Timber sale

By From page A5 | June 18, 2014


I just looked at a package of d-CON. Its contents are 99.99 percent inert ingredients. It contains just .01 percent poison. Although this is just a little bit, it is sufficient to kill mice.

Now consider the Eldorado National Forest. At a May 21 meeting with Laurence Crabtree, director of the El Dorado National Forest, he stated that although the forest grows about 250,000,000 board feet each year, he has not yet sold one tree … and might not be able to sell any trees. No one wants to bid on a timber sale without having someplace to utilize the wood harvested. Due to a lack of logs, most lumber mills in El Dorado County have closed down. Most logs from El Dorado County are trucked to Lincoln for milling. The cost of diesel makes trucking logs long distances prohibitive.

Furthermore, Mr. Crabtree decried the effort legally necessary to prepare a timber sale project. He told us the Trustle Project in Grizzly Flat took almost two years but should be completed soon. The Antiquities Act, the Endangered Species Act and the need to involve Fish and Wildlife resulted in a folder of papers about one inch thick.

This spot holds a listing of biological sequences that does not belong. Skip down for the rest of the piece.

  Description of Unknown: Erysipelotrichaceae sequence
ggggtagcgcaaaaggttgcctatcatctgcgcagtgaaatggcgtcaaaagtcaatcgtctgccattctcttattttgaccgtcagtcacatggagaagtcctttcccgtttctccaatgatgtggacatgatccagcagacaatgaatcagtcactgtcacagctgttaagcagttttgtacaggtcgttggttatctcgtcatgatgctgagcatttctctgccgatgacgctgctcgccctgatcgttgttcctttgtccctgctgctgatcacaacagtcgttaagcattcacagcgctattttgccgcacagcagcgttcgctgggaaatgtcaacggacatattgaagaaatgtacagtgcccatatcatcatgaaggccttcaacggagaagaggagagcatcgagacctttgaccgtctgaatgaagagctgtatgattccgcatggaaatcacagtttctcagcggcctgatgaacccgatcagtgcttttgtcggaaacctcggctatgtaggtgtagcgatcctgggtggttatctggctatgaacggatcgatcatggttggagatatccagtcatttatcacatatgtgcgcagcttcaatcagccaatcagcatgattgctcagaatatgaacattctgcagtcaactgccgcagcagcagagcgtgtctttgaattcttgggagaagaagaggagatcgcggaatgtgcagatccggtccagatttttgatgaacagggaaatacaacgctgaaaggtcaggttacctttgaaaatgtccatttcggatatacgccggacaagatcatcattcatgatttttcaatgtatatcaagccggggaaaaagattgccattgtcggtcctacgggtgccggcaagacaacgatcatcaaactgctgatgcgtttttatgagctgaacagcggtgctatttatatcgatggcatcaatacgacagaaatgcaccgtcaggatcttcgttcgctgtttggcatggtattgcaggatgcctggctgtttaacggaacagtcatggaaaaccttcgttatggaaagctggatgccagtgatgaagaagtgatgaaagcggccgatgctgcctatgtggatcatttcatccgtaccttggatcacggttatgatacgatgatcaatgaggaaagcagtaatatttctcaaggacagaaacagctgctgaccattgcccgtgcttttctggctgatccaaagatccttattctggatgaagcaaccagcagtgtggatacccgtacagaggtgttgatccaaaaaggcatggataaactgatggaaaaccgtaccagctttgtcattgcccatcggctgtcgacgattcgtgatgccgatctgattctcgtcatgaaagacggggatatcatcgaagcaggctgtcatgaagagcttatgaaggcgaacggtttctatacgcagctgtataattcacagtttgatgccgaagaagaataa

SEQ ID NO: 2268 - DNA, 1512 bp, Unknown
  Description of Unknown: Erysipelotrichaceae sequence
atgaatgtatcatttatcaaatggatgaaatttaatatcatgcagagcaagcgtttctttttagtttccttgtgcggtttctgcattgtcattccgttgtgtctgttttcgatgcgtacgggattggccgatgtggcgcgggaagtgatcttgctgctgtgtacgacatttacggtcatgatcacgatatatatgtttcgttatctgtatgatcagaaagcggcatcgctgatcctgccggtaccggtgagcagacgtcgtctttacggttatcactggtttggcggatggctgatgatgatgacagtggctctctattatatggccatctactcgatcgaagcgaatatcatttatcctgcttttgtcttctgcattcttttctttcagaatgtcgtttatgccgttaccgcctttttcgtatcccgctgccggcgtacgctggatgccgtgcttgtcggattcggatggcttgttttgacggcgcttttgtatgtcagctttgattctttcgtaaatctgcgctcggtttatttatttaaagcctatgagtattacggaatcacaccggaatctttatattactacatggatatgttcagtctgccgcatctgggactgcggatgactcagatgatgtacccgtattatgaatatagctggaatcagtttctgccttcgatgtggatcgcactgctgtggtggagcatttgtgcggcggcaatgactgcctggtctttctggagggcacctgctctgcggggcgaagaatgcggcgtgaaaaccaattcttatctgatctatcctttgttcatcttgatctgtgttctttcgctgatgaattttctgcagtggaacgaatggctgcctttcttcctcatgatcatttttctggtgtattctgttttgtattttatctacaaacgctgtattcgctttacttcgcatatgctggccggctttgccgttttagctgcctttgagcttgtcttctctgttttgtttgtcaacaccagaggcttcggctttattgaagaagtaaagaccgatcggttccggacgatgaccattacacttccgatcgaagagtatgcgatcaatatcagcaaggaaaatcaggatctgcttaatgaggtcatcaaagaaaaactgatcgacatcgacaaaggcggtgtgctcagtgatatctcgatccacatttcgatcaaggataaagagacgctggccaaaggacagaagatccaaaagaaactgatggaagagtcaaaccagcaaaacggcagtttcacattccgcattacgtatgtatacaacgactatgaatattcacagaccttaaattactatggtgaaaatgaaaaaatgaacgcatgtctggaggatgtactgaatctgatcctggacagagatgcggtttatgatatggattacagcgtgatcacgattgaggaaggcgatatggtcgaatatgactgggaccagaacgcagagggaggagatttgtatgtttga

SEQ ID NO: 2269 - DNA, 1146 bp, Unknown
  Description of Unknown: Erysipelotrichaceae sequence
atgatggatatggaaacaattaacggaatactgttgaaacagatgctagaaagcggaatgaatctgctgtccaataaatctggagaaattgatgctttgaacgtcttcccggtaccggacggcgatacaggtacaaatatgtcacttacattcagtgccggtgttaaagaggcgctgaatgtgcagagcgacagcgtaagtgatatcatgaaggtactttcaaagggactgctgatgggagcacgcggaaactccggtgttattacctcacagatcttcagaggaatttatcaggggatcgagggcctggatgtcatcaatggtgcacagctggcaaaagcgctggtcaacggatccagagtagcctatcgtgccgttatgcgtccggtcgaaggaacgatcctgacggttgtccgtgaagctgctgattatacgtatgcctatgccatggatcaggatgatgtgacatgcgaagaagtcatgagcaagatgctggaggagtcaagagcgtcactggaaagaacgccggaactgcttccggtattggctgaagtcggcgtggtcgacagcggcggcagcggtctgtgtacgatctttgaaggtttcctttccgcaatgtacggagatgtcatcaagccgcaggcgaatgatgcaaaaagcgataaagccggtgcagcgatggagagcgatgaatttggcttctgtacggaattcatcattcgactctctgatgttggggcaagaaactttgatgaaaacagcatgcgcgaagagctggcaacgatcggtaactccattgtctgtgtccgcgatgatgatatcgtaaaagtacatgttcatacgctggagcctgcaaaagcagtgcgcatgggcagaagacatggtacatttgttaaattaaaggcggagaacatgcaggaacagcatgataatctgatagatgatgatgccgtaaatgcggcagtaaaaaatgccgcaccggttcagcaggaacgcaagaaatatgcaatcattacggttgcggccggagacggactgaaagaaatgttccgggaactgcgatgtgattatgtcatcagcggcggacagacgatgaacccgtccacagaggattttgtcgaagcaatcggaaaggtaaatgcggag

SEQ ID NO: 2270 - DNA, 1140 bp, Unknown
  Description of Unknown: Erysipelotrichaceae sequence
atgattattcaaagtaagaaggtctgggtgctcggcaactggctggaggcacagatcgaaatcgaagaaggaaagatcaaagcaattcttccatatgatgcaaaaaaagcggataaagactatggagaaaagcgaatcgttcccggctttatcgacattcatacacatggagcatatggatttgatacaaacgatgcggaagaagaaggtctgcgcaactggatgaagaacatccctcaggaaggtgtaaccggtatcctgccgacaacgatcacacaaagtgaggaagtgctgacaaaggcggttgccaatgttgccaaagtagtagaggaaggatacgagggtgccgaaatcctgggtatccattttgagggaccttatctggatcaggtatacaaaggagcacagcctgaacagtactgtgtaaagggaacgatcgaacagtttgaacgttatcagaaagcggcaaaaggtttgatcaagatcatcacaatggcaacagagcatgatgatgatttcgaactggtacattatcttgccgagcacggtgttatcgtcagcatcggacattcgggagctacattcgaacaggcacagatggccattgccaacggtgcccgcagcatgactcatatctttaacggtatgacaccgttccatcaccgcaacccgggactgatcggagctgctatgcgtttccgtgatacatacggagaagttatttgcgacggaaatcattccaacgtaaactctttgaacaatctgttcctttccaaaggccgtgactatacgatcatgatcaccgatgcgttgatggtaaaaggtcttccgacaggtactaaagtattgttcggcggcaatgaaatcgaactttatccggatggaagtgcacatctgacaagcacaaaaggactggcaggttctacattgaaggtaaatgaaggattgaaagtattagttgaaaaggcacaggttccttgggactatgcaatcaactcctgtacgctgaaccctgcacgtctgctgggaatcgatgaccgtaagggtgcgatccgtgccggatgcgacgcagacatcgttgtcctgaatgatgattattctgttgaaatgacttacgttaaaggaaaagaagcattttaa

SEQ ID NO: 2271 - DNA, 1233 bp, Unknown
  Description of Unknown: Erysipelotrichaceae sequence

Although the Trustle Project was undertaken to clear trees for fire prevention, there is no guarantee the project won’t be stopped by a lawsuit. You see, anyone may sue to stop the cutting of trees in the National Forest. Anyone who believes the habitat of some animal might be unduly disturbed may legally create a lawsuit to stop the project.

Our laws governing the National Forest are mostly beneficial, but the provision allowing a lawsuit to stop a timber sale after it has been duly approved explains why we now have a forest jammed with dead and dying trees. Will our lawmakers correct this small error, or will this law, which is just a little bit wrong, kill our forest just as completely as d-CON kills mice?


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